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Retail Banking

Facilitating continuous enhancement

by Jeanne Creighton

Blanche Chan, senior vice president and head of human resources
DBS Bank (Hong Kong) Limited
Photo: Edde Ngan

Asia's leading bank builds affluent personnel

Unwilling to rest on its laurels, the banking industry is continuously looking to consolidating skills and knowledge.

With around 4,000 staff and 59 branches and centres throughout Hong Kong, DBS Bank is ready to extend its commitment and keep its deliverable promises in people development. "People are always a company's most important asset. This is particularly so in the highly competitive banking field," says Blanche Chan, senior vice president and head of human resources, DBS Bank (Hong Kong) Limited.

As such, a range of training and development programmes are in place for staff of all levels. New joiners attend an intensive orientation programme from which they acquire hard skills such as systems and practice; as well as soft skills including customer service and communications. This is also when they get familiar with the bank's unique and consistent way of service delivery.

Ms Chan explains, "We want our people to be passionate about and committed to serving clients to their utmost ability; respect and treasure relationships with both customers and colleagues; possess a high level of integrity which is an essential part of our business; dedicate time and effort while working as a team; and then excel in their jobs."

Structured training

Nurturing home-grown talent has always been DBS's priority. One training programme that sets the banking giant apart from its counterparts is the one-of-its-kind management associate programme (MAP), which offers fresh graduates an opportunity to learn the ropes about the banking and finance industry. Ms Chan points out that these MAP trainees come from diverse educational backgrounds. "They don't have to have a bachelor's degree in finance. What we are looking for is a can-do spirit plus the potential to grow," she emphasises.

Every year DBS takes on approximately 20 aspirants to join the MAP. The application process is rigorous, yet the number of applications to the programme has been increasing year on year. The last enrolment saw around 3,000 applications. The initial training is at DBS's regional headquarters in Singapore, with applicants coming from Hong Kong as well as around the region.

In addition, DBS bank has recently revamped its people management training programme for managerial staff. Managers learn subjects such as performance management, which includes everything from how to give constructive performance reviews to working with individuals to achieve career goals. Part of this process involves learning how to come up with an IDP (individual development plan). Both individual staff members as well as line managers share equal value in the process. "Staff must take ownership of their development," says Ms Chan. "We treasure every person's development because we want all our staff to grow and succeed. This is why we pride ourselves on our learning and development culture."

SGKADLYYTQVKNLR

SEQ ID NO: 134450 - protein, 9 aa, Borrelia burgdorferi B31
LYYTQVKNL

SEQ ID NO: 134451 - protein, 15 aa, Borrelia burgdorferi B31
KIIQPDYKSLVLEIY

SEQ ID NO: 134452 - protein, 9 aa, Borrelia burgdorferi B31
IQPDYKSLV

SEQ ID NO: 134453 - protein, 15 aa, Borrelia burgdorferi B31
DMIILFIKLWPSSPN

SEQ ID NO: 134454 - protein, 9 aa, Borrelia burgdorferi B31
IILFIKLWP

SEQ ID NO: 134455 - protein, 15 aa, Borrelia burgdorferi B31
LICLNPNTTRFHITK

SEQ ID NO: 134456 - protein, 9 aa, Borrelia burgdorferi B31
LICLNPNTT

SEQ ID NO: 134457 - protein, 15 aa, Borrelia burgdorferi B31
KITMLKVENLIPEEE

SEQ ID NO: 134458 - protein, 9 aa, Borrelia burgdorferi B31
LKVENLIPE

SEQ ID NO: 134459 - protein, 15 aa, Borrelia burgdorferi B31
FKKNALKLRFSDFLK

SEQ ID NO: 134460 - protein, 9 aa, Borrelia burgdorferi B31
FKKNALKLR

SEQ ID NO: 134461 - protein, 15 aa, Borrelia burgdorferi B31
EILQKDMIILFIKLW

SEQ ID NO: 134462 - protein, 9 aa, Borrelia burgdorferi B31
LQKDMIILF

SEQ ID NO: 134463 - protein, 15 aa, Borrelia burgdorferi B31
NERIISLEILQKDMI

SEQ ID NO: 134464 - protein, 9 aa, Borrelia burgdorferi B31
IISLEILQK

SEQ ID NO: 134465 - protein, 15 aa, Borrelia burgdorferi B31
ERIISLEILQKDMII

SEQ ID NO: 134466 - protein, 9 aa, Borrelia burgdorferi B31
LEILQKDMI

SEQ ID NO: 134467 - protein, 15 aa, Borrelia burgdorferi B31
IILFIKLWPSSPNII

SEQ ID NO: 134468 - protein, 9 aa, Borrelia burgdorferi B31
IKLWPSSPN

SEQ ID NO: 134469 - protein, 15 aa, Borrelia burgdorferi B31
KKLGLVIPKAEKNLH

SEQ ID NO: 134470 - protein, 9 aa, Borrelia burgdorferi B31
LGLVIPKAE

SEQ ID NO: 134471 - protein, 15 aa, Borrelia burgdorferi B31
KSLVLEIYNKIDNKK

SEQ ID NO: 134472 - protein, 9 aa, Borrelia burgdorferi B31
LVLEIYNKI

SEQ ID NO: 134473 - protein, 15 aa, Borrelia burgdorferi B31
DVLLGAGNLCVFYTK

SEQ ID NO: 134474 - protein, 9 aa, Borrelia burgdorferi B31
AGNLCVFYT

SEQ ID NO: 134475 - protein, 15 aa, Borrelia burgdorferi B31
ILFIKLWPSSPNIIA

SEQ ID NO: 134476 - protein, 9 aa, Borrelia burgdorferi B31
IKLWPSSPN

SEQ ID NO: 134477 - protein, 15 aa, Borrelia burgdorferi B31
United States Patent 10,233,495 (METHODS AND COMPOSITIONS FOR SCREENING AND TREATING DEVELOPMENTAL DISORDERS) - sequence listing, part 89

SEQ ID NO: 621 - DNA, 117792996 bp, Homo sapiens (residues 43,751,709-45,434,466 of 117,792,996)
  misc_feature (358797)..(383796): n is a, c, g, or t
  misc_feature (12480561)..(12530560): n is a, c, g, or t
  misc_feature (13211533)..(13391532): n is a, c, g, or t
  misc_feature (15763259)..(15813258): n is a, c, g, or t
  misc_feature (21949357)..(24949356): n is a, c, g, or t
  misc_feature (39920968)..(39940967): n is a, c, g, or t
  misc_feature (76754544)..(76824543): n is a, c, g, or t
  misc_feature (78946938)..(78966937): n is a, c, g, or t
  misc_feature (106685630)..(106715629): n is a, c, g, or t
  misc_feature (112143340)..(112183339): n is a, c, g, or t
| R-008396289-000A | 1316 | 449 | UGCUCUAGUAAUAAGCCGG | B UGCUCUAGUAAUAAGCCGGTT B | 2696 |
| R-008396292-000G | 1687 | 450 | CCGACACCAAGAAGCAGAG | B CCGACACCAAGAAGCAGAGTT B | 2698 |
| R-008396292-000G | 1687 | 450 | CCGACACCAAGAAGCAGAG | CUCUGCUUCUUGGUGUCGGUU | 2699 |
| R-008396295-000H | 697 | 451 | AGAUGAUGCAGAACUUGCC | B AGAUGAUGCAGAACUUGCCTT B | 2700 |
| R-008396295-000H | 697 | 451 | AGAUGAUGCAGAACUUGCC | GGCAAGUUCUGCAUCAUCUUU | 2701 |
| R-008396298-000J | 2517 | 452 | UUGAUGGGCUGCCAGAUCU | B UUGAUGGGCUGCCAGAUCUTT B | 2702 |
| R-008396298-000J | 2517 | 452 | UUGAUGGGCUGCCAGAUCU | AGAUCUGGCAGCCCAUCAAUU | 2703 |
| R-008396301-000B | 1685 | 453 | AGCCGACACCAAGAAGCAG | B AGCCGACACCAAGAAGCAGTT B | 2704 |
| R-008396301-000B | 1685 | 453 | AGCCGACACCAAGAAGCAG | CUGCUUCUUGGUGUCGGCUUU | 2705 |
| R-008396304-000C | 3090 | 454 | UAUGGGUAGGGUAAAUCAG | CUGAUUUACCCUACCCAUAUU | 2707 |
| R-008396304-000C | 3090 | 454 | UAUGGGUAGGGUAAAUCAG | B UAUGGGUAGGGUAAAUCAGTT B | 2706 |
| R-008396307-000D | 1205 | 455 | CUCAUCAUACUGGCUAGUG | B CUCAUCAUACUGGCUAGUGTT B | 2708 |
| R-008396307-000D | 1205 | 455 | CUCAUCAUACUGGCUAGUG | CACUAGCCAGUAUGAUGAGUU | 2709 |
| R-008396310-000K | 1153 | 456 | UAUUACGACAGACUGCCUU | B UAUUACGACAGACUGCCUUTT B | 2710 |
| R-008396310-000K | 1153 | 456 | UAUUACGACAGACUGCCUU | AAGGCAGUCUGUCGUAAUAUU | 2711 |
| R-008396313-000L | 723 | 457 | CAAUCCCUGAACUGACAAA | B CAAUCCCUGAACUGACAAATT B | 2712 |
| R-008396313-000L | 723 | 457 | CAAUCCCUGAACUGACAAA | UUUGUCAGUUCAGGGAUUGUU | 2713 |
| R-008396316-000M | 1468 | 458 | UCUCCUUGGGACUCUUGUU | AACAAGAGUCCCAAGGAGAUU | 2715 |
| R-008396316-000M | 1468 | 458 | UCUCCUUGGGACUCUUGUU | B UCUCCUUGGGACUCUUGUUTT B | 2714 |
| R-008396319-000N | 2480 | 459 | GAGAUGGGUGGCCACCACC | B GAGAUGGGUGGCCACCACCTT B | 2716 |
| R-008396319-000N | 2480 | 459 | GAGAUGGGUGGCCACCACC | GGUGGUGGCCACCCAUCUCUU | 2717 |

Opportunities abound

Effective leadership is key to sustainable organisational success. In light of this, DBS provides extensive professional exposure and networking opportunities to high-performing staff who, under the bank's job rotation opportunities, can expect to expand their professional exposure across the bank's regional branches. "While the programme is open to staff at all levels, those who have demonstrated the desired potential, determination and commitment are given priority to polish their commercial acumen by observing best practice and work styles from others," Ms Chan notes.

To retain and sharpen its edge in product and service excellence, the bank's in-house learning and training development team, which is part of the human resources department, has conducted surveys on customer satisfaction to identify and in turn close any gaps in staff training.

Meanwhile, employee feedback is encouraged via various internal staff initiatives. These include post-training questionnaires. "This is the most important and direct form of feedback," Ms Chan says. Training relationship managers also check with line managers to find out if staff are able to apply what they have learned to their daily duties.

"We make it our responsibility to ensure healthy growth for every member of staff. In fact, we have started to build a database of employee career wishes. This will help us better formulate appropriate training programmes, providing each inidvidual with the right tools for long-term career success," Ms Chan concludes.


 

Taken from Career Times 07 March 2008

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